1960: RCA Victor Records announced that they would release all future pop singles in both mono and stereo simultaneously, making them the first record company to do so. Elvis Presley’s single “Stuck on You” was RCA’s first such release.
1960: The Kingston Trio released their sixth album, Sold Old. It became their fourth #1 on the Billboard chart.
1964: The Temptations had their first #1 record when they topped the Cash Box R&B chart with “The Way You Do The Things You Do.” The song was the group’s first pop hit as well, peaking at #11 on the Billboard Hot 100 chart a week later.
1964: The Beatles set a record by occupying the top five positions on Billboard’s Hot 100 singles chart with “Can’t Buy Me Love” in the top spot followed by “Twist and Shout,” She Loves You,” “I Want to Hold Your Hand,” and “Please Please Me.” Seven other Beatles songs were also lower on the chart.
1964: “Bits and Pieces” by The Dave Clark Five entered the Billboard Hot 100, where it later rose to #4.
1965: John Lennon wrote “Help!,” the title song from the Beatles’ second film with assistance from Paul McCartney. As part of the 1995 documentary The Beatles Anthology, it was revealed that the song’s lyrics reflected Lennon’s stress after the Beatles’ sudden success. In a 1980 interview, Lennon said, “The whole Beatles thing was just beyond comprehension. I was subconsciously crying out for help.”
1966: Neil Diamond released, “Solitary Man,” the lead single from his debut album, The Feel of Neil Diamond. It was Diamond’s first song to chart, reaching #55 in the US, and has since been covered by numerous artists.
1966: “When a Man Loves a Woman” by Percy Sledge entered the Billboard Hot 100. Eight weeks later the single reached #1.
1968: “I Promise to Wait My Love” by Martha Reeves and the Vandells was released as the third single from their fifth studio album, Ridin’ High.
1970: After splitting with the group in the fall of 1968, Janis Joplin performed a reunion concert with Big Brother and the Holding Company at San Francisco’s Fillmore West.
1970: “Make Me Smile” by Chicago entered the Billboard Hot 100, where it became the band’s first top 10 record, reaching #9.
1970: “Mississippi Queen,” the lead single from the debut album by Mountain, Climbing!, entered the Billboard Hot 100. It became their most successful single, and peaked on the chart at #21.
1970: The Jackson 5 started four weeks at the top of Billboard’s R&B chart with “ABC.”
1978: Carly Simon released her seventh studio album, Boys in the Trees.
1981: Smokey Robinson started five weeks at the top of the Billboard R&B chart with his second of two #1 singles on the chart, “Being with You.” The next month, the song became his highest charting solo hit on the Hot 100 as well as his first solo #1 in the UK that summer.
1987: After its release in September, “Don’t Give Up” by Peter Gabriel and Kate Bush, from Gabriel’s fifth studio album, So, entered the Billboard Hot 100, where it peaked three weeks later at #72.
1988: The Church released fifth and most commercially successful LP, Starfish.
1994: Sheryl Crow released “All I Wanna Do,” the third single from her debut album, Tuesday Night Music Club. It became her first major hit, reaching #2 on the US charts the top 10 in several other countries.
1996: At the break of dawn, following a lunar eclipse, Jerry Garcia’s widow, Debra, and Grateful Dead guitarist Bob Weir scattered a portion of Garcia’s ashes in the Ganges River in India along with pieces of paper bearing farewells from members of the Grateful Dead. The remaining half of Garcia’s ashes were later sprinkled under the Golden Gate Bridge in San Francisco Bay, observed by family members and associates including Weir and Grateful Dead bassist Phil Lesh.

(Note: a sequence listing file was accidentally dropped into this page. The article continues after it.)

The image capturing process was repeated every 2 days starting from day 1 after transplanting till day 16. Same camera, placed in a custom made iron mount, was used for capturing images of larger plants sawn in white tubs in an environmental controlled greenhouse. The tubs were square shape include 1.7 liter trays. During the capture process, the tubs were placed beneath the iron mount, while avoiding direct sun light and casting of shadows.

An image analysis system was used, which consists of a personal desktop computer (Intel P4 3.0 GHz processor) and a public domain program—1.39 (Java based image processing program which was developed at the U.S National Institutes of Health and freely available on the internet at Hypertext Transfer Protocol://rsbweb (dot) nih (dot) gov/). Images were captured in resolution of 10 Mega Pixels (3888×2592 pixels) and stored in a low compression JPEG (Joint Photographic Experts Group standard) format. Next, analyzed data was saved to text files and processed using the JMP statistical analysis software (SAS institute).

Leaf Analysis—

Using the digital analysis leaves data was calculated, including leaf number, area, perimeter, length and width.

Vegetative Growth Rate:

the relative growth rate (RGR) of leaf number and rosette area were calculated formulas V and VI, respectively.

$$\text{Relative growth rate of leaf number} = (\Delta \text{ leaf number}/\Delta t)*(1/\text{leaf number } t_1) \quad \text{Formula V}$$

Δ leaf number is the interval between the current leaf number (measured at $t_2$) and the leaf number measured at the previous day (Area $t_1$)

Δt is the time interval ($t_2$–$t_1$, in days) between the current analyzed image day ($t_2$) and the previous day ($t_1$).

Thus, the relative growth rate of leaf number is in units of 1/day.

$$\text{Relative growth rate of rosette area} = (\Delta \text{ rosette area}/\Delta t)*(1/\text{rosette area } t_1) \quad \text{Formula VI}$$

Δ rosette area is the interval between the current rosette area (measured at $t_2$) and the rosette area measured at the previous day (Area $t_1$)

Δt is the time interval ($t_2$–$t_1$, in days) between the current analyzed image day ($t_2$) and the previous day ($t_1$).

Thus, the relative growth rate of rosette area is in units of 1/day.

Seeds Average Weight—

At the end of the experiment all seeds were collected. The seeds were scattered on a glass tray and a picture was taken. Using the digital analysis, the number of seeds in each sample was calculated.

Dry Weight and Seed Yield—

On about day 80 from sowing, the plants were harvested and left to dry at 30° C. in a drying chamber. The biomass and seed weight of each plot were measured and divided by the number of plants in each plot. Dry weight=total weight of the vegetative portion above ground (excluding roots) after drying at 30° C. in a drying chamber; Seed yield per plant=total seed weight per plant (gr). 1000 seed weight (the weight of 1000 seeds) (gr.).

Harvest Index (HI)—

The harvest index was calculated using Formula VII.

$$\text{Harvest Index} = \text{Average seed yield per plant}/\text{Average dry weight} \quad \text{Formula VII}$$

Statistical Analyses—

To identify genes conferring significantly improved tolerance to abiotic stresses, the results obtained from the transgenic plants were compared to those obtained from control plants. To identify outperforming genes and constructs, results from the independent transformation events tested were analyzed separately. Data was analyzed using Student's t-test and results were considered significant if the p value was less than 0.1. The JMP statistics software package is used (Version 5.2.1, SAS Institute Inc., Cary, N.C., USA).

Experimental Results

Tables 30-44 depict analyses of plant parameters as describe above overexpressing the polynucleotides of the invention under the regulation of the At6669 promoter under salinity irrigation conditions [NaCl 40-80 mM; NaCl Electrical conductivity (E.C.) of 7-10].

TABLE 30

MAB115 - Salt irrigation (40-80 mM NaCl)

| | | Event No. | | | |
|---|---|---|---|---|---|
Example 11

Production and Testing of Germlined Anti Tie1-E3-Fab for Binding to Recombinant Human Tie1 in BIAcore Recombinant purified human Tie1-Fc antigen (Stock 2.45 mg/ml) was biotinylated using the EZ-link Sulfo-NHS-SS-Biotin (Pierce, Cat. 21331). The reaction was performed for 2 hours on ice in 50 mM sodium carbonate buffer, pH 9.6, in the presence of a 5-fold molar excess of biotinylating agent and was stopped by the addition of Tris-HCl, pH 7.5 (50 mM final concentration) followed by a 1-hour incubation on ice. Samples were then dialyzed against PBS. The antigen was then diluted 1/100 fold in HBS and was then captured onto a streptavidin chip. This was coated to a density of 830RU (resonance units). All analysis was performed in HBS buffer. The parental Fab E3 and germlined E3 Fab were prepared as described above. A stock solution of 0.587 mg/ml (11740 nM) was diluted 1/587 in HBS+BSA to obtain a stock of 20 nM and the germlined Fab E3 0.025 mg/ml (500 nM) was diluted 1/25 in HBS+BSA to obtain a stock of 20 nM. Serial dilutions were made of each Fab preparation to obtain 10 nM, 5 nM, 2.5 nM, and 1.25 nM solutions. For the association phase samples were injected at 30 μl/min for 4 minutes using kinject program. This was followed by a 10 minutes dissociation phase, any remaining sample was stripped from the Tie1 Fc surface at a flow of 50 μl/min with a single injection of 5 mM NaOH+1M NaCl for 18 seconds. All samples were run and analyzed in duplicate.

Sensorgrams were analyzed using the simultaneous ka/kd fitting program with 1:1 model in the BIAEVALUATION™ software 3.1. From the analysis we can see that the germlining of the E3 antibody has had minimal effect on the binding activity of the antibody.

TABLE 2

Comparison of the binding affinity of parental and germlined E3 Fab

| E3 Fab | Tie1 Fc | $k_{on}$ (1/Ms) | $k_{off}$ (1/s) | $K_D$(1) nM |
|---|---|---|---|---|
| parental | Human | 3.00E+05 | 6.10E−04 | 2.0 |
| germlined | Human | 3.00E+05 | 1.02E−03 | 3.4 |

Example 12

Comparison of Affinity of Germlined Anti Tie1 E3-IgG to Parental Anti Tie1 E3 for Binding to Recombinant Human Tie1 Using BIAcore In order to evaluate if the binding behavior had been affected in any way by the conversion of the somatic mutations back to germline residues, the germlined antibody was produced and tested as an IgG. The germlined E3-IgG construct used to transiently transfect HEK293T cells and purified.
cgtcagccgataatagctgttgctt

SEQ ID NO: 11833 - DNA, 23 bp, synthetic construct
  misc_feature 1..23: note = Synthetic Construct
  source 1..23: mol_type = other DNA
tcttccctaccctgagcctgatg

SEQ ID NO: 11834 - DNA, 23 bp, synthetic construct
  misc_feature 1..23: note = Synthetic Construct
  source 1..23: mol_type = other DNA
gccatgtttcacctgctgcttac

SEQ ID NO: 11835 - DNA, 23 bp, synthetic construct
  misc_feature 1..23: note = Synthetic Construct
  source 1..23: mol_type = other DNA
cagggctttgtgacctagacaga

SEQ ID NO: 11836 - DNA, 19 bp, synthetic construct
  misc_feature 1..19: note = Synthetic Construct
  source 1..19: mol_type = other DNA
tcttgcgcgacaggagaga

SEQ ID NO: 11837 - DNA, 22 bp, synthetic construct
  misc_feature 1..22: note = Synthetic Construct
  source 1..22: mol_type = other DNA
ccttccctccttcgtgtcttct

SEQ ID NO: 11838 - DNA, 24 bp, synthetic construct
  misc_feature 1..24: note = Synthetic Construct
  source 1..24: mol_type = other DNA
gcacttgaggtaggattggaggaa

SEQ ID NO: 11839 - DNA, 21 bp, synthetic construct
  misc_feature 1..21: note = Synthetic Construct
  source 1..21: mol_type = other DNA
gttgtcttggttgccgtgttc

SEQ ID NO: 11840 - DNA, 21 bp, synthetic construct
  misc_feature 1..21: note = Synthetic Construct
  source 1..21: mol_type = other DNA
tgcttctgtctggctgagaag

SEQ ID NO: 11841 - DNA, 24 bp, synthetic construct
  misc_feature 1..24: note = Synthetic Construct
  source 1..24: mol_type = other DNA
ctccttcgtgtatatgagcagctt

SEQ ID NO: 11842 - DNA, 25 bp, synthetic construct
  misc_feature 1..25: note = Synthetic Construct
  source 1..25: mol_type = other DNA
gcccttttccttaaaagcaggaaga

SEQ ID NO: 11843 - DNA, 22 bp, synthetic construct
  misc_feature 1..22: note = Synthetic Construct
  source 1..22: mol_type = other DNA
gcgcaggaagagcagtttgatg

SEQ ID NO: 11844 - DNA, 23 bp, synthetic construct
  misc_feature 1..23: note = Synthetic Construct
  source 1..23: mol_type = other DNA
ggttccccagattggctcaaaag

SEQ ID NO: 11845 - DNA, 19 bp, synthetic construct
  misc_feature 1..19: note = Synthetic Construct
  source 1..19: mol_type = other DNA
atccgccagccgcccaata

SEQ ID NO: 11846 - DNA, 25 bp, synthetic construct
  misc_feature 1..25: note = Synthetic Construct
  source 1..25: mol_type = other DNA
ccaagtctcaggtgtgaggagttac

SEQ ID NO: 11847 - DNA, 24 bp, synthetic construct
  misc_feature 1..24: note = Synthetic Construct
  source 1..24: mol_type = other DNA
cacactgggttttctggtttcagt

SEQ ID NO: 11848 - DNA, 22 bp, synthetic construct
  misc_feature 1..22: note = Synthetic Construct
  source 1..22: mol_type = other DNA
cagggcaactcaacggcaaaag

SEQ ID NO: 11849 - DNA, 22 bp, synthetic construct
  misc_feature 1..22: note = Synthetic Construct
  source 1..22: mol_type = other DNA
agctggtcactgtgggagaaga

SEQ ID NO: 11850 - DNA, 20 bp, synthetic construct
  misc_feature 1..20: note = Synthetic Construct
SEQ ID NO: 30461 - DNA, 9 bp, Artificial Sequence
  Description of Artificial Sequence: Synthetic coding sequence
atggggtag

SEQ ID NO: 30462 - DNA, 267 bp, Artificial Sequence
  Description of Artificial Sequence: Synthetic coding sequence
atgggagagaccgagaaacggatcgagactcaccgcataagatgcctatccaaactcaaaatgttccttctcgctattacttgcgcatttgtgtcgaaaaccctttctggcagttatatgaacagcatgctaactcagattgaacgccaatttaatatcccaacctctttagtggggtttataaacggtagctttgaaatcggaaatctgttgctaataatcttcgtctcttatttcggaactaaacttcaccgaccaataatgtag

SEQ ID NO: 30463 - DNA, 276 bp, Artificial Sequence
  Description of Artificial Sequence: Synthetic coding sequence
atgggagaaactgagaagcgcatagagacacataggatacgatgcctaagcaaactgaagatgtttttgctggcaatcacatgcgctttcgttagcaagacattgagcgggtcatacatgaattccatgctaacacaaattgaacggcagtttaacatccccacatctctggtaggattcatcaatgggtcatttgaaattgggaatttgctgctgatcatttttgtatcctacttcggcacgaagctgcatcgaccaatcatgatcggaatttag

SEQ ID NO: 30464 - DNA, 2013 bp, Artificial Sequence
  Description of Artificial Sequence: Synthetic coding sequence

2000: Lou Reed released Ecstasy, his eighteenth solo studio album and last non-collaborative rock album.
2008: The Rolling Stones’ concert film Shine a Light opened in theaters. Directed by Martin Scorsese, the film documents the band’s 2006 Beacon Theatre performances on their A Bigger Bang Tour.
2015: 10,000 Maniacs released their ninth studio album, Twice Told Tales. The crowd-funded album consists of traditional British folk songs.
Muddy Waters, legendary blues guitarist, was born McKinley Morganfield, MS in 1913.
Clive Davis, former president of Columbia Records and founder of Arista Records and J Records, credited with signing many artists that achieved superstar status including Janis Joplin, Laura Nyro, Santana, Bruce Springsteen, Chicago, Billy Joel, Blood, Sweat & Tears, Loggins & Messina, and Pink Floyd, was born in Brooklyn, NY in 1932.
Declan Mulligan, guitarist for The Beau Brummels, was born in Fethard, Ireland in 1938.
Hugh Masekela, trumpeter, flugelhornist, cornetist, composer, and singer known as “the father of South African jazz,” was born Hugh Ramapolo Masekela in Witbank, South Africa in 1939.
Major Lance, R&B singer, was born in Winterville, MS in 1939.
Sharon Sheeley, songwriter who wrote songs for Glen Campbell, Ricky Nelson, Brenda Lee, and her former fiancé, Eddie Cochran, was born in Newport Beach, CA in 1940.
Michael Z. Gordon, screenwriter, producer, musician, and composer who co-founded the Marketts and the Routers, was born in Minneapolis, MN in 1941.
Don Bryant, singer and songwriter, was born in Memphis, TN in 1942.
Berry Oakley, bassist and founding member of the Allman Brothers Band, was born Raymond Berry Oakley III in Chicago, IL in 1948.
David “Pick” Withers, original drummer for Dire Straits from 1977-1982, was born in Leicester, England in 1948.
Junior Braithwaite, reggae musician and co-founder of The Wailing Wailers, was born Franklin Delano Alexander Braithwaite in Kingston, Jamaica in 1949.
Gary Moore, guitarist and backing vocalist for Thin Lizzy and a solo artist, was born in Belfast, North Ireland in 1952.
Graeme Kelling, original guitarist for Deacon Blue, was born in Paisley, Scotland in 1957.
David Gavurin, guitarist for The Sundays, was born in 1963.